It seems like every month there’s a new study that says we should avoid this or that to lower our risk of cancer. And often, these studies report conflicting results: eat more meat or eat only plant-based foods; drink red wine or stay away from alcohol.
These mixed messages can leave us wondering what exactly we can do to lower our risk of getting cancer—or improve our chances of beating cancer if we already have it.
We hope to answer the question, “What is the link between what I put in my mouth and cancer?”
Researchers at the Cedars-Sinai Center for Integrated Research on Cancer and Lifestyle (CIRCL) are trying to clear up this confusion. Led by Dr. Stephen Freedland, CIRCL is working to gain a better understanding of the connection between lifestyle and cancer.
We sat down with Dr. Freedland to learn more about CIRCL and what the team hopes to achieve with their research.
Q: What is the purpose of CIRCL?
Dr. Freedland: We want to build a knowledge base of how lifestyle impacts cancer risk and survivorship and distill that back to patients and doctors.
The idea is to really study how people live—how they eat, drink, exercise, and sleep—and learn how that impacts their risk of getting cancer or the aggressiveness of that cancer.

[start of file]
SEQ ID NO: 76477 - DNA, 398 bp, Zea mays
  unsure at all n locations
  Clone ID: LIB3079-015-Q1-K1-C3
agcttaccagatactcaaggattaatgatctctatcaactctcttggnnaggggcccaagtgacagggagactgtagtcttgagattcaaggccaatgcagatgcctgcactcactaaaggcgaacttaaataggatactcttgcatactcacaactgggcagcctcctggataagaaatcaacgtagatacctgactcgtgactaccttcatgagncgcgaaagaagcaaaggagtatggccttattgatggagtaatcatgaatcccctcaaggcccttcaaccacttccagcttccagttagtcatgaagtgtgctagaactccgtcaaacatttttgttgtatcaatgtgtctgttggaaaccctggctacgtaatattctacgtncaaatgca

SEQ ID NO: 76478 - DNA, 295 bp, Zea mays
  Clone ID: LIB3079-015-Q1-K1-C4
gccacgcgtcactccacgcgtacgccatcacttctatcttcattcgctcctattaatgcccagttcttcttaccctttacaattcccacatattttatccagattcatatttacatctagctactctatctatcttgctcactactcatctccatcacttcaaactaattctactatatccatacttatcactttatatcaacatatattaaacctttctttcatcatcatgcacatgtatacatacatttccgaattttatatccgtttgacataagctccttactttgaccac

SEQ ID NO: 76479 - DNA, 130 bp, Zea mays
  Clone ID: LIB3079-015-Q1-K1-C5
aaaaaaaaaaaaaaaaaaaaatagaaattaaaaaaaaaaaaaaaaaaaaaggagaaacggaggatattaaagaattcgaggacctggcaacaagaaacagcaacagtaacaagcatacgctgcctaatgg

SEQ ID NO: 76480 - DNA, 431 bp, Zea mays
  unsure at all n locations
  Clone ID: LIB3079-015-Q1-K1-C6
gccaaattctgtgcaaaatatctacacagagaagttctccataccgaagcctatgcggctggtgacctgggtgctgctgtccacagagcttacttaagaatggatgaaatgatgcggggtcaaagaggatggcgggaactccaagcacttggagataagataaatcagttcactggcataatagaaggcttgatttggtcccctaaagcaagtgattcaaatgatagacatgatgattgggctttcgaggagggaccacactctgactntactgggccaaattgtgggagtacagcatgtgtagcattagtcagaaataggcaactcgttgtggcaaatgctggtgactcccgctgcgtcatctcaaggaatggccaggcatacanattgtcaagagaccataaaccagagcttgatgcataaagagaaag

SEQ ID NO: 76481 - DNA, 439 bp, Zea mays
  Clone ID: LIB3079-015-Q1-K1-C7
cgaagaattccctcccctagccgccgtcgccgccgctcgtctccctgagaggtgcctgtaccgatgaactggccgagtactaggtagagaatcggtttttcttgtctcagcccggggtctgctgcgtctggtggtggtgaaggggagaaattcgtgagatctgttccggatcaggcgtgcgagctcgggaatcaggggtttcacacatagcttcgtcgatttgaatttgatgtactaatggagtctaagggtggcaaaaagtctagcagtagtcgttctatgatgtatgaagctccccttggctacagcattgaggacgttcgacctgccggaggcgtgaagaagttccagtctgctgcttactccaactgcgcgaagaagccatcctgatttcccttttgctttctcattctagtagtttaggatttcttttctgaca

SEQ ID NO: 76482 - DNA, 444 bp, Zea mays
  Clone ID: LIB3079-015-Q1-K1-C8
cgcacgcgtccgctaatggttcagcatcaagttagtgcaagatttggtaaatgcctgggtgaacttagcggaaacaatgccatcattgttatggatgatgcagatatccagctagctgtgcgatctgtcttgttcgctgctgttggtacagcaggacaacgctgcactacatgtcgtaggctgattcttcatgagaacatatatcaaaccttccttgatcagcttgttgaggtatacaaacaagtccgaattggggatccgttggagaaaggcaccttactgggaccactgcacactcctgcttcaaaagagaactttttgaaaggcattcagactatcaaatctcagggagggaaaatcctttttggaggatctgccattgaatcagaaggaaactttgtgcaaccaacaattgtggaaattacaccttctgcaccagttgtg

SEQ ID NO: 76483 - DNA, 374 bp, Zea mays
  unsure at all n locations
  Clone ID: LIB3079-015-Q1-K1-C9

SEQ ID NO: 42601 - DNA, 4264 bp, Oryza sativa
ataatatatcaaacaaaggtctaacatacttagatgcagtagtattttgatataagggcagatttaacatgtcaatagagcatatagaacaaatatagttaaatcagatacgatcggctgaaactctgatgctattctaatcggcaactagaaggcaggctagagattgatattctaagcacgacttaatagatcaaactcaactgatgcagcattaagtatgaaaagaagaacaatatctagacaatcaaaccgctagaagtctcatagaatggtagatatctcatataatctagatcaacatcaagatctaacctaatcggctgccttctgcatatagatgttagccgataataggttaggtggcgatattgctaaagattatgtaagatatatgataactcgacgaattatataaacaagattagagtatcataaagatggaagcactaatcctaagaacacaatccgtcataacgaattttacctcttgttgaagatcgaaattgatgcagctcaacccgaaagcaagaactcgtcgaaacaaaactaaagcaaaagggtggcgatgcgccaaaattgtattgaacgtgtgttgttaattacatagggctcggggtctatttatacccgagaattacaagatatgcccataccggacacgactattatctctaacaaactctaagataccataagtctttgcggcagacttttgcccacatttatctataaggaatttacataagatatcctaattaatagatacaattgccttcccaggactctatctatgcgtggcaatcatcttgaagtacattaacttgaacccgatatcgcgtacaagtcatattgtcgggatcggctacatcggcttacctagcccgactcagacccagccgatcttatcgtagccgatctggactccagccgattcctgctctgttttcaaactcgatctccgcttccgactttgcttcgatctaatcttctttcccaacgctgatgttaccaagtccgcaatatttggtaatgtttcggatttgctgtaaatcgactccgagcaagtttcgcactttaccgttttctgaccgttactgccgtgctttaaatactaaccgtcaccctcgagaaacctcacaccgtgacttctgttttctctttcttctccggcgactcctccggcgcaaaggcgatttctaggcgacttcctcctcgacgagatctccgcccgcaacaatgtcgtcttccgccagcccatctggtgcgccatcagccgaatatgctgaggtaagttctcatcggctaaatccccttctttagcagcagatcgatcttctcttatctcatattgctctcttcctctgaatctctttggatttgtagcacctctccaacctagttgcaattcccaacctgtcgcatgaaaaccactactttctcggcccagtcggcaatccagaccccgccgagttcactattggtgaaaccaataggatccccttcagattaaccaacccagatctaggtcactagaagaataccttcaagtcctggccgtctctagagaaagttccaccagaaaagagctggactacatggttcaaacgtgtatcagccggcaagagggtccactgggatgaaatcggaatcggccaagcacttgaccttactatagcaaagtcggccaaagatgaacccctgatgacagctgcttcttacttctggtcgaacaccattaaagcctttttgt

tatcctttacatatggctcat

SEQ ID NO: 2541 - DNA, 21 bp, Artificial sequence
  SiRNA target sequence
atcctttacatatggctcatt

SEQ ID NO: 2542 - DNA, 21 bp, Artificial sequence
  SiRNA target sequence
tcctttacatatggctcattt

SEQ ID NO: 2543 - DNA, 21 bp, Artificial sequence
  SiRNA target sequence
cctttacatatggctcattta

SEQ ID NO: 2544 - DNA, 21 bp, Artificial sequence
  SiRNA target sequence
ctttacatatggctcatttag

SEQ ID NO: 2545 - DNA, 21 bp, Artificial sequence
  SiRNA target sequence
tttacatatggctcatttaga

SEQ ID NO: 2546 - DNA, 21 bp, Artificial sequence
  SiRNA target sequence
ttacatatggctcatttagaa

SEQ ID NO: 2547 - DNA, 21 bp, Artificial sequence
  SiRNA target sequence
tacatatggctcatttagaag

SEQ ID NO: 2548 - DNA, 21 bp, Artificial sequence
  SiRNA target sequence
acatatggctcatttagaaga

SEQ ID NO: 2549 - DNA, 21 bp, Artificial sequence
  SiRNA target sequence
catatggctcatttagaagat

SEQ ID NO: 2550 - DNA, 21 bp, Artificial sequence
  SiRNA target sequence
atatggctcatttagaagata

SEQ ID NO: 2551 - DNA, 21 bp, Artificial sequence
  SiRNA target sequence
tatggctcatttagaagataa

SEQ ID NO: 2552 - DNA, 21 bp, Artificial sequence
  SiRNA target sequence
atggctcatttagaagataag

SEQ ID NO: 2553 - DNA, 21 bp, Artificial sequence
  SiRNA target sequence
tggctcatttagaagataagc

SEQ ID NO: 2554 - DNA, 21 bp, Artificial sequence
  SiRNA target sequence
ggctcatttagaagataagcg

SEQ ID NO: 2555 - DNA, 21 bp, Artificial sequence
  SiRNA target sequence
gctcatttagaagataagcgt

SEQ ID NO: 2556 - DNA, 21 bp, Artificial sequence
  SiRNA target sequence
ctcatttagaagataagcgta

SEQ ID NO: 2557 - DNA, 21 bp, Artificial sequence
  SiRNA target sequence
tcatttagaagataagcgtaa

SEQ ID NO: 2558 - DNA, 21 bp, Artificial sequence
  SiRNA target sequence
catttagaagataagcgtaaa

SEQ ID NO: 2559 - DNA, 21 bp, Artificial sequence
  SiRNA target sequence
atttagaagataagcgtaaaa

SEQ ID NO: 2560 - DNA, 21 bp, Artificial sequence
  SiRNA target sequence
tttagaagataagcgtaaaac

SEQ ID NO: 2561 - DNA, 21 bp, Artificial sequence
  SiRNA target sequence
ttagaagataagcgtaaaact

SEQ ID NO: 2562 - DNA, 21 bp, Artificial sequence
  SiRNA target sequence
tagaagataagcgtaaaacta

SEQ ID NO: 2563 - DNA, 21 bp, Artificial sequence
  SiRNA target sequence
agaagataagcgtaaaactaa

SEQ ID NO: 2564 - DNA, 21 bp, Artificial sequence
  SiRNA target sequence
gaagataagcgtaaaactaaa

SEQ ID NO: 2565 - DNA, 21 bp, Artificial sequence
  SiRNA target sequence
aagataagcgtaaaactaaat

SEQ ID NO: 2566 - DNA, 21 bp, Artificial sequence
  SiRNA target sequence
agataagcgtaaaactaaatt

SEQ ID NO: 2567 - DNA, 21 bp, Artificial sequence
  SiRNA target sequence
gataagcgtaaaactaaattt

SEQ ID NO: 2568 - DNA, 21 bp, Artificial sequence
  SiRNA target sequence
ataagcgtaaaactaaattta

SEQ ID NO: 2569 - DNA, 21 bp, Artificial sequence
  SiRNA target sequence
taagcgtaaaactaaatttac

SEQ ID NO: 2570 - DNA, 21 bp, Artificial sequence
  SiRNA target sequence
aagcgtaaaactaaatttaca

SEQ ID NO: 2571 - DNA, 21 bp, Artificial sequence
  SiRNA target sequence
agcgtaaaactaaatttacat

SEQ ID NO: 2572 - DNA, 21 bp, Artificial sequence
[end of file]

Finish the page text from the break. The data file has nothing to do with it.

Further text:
From that, we hope to generate better ideas about what a healthy lifestyle really is.
Q: Why is this research important?
Dr. Freedland: There’s a lot of data that suggests lifestyle may play a role in how cancer develops, and yet the advice is all over the place. One article says do this, the other says don’t. Often times doctors will tell patients to be “healthier,” but what does that mean?
We want to look at what exactly healthy living looks like, with the idea that there probably isn’t one single option. It’s like buying a car—there are a lot of options and they all work well, but they might not all be right for you.
That’s where we want to get to with our research. We want to provide guidance on the best options for living a healthy lifestyle.
Q: What is CIRCL currently studying?
Later this year, we plan to start studying fatty liver disease, which is a risk factor for developing liver cancer.
We also have an exercise study up and running, with more to come, and we want to look at other factors including stress, sleep habits, and loneliness.
Q: What are your goals for CIRCL?
Dr. Freedland: We hope to answer the question “What is the link between what I put in my mouth and cancer?” We are actively engaged in answering that question.
The long-term vision for us is to utilize precision health. We want to be able to personalize lifestyle recommendations for patients based on their genes and microbiome. We’re not there yet, but that is the goal.